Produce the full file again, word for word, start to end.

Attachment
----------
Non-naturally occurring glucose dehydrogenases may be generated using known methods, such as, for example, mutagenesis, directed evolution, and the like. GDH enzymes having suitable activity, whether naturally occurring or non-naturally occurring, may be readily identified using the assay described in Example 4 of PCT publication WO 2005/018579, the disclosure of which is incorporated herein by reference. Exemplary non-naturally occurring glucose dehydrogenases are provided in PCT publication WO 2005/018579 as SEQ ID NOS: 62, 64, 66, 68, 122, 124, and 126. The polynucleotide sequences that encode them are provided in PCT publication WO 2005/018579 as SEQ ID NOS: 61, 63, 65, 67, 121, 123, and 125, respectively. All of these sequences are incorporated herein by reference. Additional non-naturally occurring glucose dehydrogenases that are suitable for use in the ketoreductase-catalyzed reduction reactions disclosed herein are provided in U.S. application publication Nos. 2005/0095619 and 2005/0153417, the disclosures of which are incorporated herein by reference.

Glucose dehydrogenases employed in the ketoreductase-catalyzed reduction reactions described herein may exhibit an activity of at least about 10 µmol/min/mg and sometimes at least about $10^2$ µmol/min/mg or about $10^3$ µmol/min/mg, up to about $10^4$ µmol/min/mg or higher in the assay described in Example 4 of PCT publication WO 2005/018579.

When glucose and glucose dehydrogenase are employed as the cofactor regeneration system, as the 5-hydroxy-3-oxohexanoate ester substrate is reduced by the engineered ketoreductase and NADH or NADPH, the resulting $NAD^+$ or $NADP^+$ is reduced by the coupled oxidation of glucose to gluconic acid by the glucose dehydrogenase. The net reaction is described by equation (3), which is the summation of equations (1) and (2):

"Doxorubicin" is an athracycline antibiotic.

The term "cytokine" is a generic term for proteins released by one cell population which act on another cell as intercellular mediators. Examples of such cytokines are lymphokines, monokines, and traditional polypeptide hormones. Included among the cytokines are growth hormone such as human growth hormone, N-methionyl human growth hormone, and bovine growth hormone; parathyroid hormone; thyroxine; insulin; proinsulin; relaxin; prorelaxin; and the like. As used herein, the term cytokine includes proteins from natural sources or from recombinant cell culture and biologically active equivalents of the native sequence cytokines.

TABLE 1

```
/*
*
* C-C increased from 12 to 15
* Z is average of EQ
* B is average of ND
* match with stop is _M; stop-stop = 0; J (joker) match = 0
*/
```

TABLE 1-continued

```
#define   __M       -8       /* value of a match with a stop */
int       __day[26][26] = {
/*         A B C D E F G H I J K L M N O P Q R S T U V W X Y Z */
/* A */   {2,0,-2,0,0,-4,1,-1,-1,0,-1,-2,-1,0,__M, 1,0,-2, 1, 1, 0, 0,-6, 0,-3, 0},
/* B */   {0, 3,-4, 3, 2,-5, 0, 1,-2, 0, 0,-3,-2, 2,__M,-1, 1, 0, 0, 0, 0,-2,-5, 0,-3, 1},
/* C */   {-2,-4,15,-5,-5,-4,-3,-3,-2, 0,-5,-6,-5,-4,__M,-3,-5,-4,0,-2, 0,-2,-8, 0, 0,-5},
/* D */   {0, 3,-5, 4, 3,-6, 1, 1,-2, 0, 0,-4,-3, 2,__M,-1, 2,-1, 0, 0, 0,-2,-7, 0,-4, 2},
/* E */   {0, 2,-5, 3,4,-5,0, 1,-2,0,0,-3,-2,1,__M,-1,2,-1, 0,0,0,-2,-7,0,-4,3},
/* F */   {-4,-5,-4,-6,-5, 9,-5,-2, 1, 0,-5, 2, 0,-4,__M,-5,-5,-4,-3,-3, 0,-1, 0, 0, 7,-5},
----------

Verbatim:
Non-naturally occurring glucose dehydrogenases may be generated using known methods, such as, for example, mutagenesis, directed evolution, and the like. GDH enzymes having suitable activity, whether naturally occurring or non-naturally occurring, may be readily identified using the assay described in Example 4 of PCT publication WO 2005/018579, the disclosure of which is incorporated herein by reference. Exemplary non-naturally occurring glucose dehydrogenases are provided in PCT publication WO 2005/018579 as SEQ ID NOS: 62, 64, 66, 68, 122, 124, and 126. The polynucleotide sequences that encode them are provided in PCT publication WO 2005/018579 as SEQ ID NOS: 61, 63, 65, 67, 121, 123, and 125, respectively. All of these sequences are incorporated herein by reference. Additional non-naturally occurring glucose dehydrogenases that are suitable for use in the ketoreductase-catalyzed reduction reactions disclosed herein are provided in U.S. application publication Nos. 2005/0095619 and 2005/0153417, the disclosures of which are incorporated herein by reference.

Glucose dehydrogenases employed in the ketoreductase-catalyzed reduction reactions described herein may exhibit an activity of at least about 10 µmol/min/mg and sometimes at least about $10^2$ µmol/min/mg or about $10^3$ µmol/min/mg, up to about $10^4$ µmol/min/mg or higher in the assay described in Example 4 of PCT publication WO 2005/018579.

When glucose and glucose dehydrogenase are employed as the cofactor regeneration system, as the 5-hydroxy-3-oxohexanoate ester substrate is reduced by the engineered ketoreductase and NADH or NADPH, the resulting $NAD^+$ or $NADP^+$ is reduced by the coupled oxidation of glucose to gluconic acid by the glucose dehydrogenase. The net reaction is described by equation (3), which is the summation of equations (1) and (2):

"Doxorubicin" is an athracycline antibiotic.

The term "cytokine" is a generic term for proteins released by one cell population which act on another cell as intercellular mediators. Examples of such cytokines are lymphokines, monokines, and traditional polypeptide hormones. Included among the cytokines are growth hormone such as human growth hormone, N-methionyl human growth hormone, and bovine growth hormone; parathyroid hormone; thyroxine; insulin; proinsulin; relaxin; prorelaxin; and the like. As used herein, the term cytokine includes proteins from natural sources or from recombinant cell culture and biologically active equivalents of the native sequence cytokines.

TABLE 1

```
/*
*
* C-C increased from 12 to 15
* Z is average of EQ
* B is average of ND
* match with stop is _M; stop-stop = 0; J (joker) match = 0
*/
```

TABLE 1-continued

```
#define   __M       -8       /* value of a match with a stop */
int       __day[26][26] = {
/*         A B C D E F G H I J K L M N O P Q R S T U V W X Y Z */
/* A */   {2,0,-2,0,0,-4,1,-1,-1,0,-1,-2,-1,0,__M, 1,0,-2, 1, 1, 0, 0,-6, 0,-3, 0},
/* B */   {0, 3,-4, 3, 2,-5, 0, 1,-2, 0, 0,-3,-2, 2,__M,-1, 1, 0, 0, 0, 0,-2,-5, 0,-3, 1},
/* C */   {-2,-4,15,-5,-5,-4,-3,-3,-2, 0,-5,-6,-5,-4,__M,-3,-5,-4,0,-2, 0,-2,-8, 0, 0,-5},
/* D */   {0, 3,-5, 4, 3,-6, 1, 1,-2, 0, 0,-4,-3, 2,__M,-1, 2,-1, 0, 0, 0,-2,-7, 0,-4, 2},
/* E */   {0, 2,-5, 3,4,-5,0, 1,-2,0,0,-3,-2,1,__M,-1,2,-1, 0,0,0,-2,-7,0,-4,3},
/* F */   {-4,-5,-4,-6,-5, 9,-5,-2, 1, 0,-5, 2, 0,-4,__M,-5,-5,-4,-3,-3, 0,-1, 0, 0, 7,-5},